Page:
Layers of flavor for breakfast

McDonald's Egg McMuffin breakfast sandwichImage via Wikipedia
















How much can you cram into your breakfast sandwich?


This morning, I started with two toasted slices of 100 percent whole grain bread, spread hummus on one and added organic salad greens, a small egg-white omelet with Aleppo pepper, a slice of muenster cheese, smoked wild sockeye salmon and Dijon mustard.


If  I had pesto, it would be at home in this sandwich. I ate a Campari tomato with za'atar thyme mixture on the side, along with kimchi, but tomato slices with za'atar would work, too. I'll try that tomorrow. Everything in my sandwich -- except Aleppo pepper and za'atar -- can be found at Costco. Fattal's Syrian Bakery in Paterson stocks the pepper and thyme mixture.


My eating habits have come a long way since the 1980s, when I'd eat an Egg McMuffin (photo) for breakfast, drink coffee and finish with a cigarette.
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Monday, May 17, 2010

Some like it hot

Salsas picantesImage by saguayo via Flickr












That quick fish taco, scrambled eggs or just about anything else you're eating benefits from a liberal dose of hot and not-so-hot sauces.


We keep several around, notably salsa taquera (hot) -- a teaspoon or so does nicely on your fish taco (leftover fish, tortilla, salsa taquera and 30 to 45 seconds in the microwave). Goya and La Costena both sell salsa taquera, but I prefer the former.


We had haddock cooked in mild Mexican green sauce (salsa verde) for dinner last night, and I used some of the leftovers to make two fish tacos for breakfast, with salsa taquera. A third tortilla got a slice of muenster cheese and some salsa taquera, and 30 seconds in the microwave melted the cheese -- a quick, simple quesadilla.


One of the hottest sauces we use  is Sriracha Hot Chili Sauce (the one with the green cap, made in California). You see this sauce on tables at Vietnamese restaurants, including Saigon R in Englewood, but it's really hot, so using too much can ruin your pho. My 13-year-old son loves this sauce on sandwiches.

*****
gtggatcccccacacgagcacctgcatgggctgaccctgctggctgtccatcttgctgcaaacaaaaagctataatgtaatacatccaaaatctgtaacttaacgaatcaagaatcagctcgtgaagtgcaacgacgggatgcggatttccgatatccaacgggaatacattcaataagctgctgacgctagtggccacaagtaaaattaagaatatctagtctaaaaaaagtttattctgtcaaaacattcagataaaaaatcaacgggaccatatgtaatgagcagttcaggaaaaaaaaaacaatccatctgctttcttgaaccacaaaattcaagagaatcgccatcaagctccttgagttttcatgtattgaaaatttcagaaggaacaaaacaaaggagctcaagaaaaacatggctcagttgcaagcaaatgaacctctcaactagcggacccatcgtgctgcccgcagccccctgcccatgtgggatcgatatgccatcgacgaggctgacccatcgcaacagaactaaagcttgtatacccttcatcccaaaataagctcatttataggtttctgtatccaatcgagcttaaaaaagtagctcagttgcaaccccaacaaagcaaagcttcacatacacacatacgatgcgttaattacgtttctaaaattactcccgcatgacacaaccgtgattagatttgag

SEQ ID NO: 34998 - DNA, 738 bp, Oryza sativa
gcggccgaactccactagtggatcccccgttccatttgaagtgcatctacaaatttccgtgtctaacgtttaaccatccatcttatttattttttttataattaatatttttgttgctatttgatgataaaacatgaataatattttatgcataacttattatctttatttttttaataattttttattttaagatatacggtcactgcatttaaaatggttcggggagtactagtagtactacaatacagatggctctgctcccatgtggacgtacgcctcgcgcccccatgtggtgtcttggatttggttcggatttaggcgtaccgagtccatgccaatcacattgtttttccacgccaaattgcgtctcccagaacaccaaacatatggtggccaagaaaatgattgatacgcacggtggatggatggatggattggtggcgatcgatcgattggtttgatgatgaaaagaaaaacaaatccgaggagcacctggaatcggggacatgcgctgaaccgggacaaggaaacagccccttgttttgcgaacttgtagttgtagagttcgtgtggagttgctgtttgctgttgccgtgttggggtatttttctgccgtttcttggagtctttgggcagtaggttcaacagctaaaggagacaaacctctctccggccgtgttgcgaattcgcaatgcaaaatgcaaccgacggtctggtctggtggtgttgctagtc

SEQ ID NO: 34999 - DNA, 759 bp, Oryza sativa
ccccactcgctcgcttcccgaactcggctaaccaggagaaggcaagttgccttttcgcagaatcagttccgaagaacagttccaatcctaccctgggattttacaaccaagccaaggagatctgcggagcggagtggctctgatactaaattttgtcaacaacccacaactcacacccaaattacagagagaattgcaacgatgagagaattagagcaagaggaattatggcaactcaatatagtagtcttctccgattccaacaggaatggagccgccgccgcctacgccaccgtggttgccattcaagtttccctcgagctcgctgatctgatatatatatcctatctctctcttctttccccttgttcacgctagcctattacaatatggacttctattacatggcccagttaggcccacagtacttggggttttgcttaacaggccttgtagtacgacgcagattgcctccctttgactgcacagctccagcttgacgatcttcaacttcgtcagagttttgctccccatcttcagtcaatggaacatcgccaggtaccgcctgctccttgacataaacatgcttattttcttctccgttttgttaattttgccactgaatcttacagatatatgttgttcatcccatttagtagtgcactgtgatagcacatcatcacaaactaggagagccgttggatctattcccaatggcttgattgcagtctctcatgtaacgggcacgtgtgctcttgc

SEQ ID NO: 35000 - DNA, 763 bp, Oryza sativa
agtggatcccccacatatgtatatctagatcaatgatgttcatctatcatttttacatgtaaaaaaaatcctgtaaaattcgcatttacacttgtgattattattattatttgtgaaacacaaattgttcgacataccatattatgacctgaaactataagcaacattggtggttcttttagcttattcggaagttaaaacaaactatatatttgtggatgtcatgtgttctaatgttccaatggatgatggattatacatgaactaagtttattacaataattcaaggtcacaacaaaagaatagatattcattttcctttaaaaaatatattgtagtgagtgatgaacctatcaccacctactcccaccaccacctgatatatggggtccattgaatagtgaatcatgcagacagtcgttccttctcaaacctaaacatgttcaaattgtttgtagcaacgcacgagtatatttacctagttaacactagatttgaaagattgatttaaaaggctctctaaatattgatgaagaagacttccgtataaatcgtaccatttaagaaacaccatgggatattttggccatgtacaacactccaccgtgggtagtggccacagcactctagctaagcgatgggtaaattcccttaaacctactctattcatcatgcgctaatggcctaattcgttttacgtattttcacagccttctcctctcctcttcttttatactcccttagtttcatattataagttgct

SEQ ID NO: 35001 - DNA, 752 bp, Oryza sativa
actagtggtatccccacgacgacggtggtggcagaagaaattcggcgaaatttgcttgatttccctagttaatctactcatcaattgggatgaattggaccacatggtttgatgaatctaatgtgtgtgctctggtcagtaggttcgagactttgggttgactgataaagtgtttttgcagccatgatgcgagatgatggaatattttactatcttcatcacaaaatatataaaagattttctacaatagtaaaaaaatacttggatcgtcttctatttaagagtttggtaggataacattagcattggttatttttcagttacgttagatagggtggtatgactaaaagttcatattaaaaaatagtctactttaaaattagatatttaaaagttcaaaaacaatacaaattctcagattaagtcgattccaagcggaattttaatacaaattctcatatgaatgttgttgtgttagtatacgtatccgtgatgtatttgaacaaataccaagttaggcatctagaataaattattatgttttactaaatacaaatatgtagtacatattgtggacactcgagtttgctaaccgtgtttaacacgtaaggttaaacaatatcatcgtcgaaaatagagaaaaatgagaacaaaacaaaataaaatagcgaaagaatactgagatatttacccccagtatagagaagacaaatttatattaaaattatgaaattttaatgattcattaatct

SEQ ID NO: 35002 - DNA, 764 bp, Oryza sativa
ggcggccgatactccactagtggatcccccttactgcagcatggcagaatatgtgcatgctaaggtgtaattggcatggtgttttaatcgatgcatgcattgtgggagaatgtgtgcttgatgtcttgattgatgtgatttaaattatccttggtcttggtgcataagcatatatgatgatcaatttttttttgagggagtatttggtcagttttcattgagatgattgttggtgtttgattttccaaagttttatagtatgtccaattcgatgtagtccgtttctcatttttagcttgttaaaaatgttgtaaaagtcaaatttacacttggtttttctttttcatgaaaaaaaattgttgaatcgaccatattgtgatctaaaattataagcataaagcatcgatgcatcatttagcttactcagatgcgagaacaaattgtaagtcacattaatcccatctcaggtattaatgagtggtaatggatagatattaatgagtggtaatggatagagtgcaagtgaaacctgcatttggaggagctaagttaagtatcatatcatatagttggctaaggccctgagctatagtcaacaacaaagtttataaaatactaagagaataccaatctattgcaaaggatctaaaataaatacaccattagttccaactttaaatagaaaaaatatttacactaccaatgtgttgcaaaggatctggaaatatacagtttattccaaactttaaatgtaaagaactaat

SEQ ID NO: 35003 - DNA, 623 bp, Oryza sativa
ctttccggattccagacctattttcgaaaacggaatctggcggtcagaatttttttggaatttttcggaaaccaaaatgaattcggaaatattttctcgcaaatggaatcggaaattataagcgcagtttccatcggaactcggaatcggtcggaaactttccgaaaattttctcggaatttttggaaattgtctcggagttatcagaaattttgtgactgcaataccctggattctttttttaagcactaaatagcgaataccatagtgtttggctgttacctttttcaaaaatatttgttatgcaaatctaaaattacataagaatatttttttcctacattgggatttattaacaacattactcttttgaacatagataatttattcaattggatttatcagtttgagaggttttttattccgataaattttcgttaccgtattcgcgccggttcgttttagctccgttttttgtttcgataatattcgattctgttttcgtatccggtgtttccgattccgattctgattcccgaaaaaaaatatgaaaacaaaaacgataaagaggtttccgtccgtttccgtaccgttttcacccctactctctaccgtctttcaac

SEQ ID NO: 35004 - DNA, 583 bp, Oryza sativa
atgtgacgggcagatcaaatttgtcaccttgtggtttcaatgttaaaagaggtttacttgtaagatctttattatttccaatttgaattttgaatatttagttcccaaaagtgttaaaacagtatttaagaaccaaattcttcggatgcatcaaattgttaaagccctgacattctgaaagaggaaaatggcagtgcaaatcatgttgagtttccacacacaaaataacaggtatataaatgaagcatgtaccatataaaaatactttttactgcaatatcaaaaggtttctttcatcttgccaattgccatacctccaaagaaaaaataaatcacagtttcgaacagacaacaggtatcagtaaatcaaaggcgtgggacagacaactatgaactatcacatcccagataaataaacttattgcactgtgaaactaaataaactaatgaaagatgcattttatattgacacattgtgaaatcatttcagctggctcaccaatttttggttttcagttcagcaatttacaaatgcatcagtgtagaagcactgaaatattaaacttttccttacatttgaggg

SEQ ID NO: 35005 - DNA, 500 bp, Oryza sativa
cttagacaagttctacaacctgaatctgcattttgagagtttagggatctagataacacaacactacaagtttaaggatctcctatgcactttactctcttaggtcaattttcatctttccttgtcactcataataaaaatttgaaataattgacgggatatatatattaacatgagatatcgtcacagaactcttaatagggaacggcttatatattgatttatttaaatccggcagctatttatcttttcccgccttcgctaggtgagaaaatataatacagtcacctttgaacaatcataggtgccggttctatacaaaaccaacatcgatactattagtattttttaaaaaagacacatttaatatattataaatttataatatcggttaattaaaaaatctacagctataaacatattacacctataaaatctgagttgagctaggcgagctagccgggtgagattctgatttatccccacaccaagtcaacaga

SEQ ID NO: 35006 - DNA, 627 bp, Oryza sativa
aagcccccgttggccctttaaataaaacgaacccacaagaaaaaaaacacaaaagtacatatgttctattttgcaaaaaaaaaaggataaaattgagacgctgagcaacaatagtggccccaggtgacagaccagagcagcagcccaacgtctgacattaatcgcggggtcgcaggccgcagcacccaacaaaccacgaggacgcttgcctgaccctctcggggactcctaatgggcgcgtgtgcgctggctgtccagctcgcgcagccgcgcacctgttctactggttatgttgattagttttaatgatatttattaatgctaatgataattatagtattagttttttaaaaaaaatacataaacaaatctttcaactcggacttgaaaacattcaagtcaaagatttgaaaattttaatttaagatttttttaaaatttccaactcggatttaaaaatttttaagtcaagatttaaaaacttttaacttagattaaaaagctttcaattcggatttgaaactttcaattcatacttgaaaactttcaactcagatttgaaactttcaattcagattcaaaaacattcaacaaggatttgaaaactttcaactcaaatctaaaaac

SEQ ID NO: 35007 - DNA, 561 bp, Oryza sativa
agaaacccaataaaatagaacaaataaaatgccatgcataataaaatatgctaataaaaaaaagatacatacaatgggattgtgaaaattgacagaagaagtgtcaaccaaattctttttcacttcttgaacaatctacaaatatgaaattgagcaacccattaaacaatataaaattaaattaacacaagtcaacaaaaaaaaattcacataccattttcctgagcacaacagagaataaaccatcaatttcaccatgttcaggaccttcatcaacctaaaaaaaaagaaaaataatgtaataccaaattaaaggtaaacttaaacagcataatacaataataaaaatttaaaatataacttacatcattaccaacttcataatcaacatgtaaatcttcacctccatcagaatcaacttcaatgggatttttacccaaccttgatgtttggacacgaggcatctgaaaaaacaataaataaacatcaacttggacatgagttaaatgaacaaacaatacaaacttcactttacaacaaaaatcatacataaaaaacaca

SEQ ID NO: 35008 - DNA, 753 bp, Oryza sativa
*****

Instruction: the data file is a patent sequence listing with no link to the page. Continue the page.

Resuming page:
My favorite all-around sauce is Valentina salsa picante -- thicker, smokier and not as hot as Tabasco-brand sauce and considerably cheaper (second from right in photo above). I buy Valentina in the 34-ounce bottle and use it liberally on eggs, omelets and Jamaican ackee and saltfish. In a pinch, you can use Valentina on your tacos.


H Mart in Little Ferry and other Korean supermarkets carry a dizzying array of hot pepper paste -- the dipping sauce for barbecue or dumplings. They are both spicy and sweet. I usually select one based on a lower price.


Another alternative to Tabasco is Grace-brand hot pepper sauce from Jamaica, marked "very hot," which uses Scotch bonnet or capsicum peppers. A far milder Grace sauce is Fish & Meat Sauce, made with tomato paste, mango puree, cane sugar and cane vinegar.


Mexican and Jamaican sauces are available at Hackensack Market on Passaic Street. ShoRite also carries some Mexican sauces.


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Sunday, May 16, 2010

Another great (meatless) meal at Wondee's

Food for Life distributes food on an internati...Image via Wikipedia


























We didn't get to Wondee's until 8:45 or so Saturday night, but we were lucky to get the last vacant table. My wife and I ate only seafood or vegetarian dishes at the Thai restaurant in Hackensack, where we pledged to go meatless on Feb. 28. But our 13-year-old son, celebrating his birthday, ordered wonton soup with sliced pork (he says it's the best he's ever had).

It was another great meal at one of our all-time favorites and we didn't miss meat. The value is outstanding. Wondee's is one of the few restaurants in North Jersey where a whole fish is priced at $16.95 (up recently from $14.95).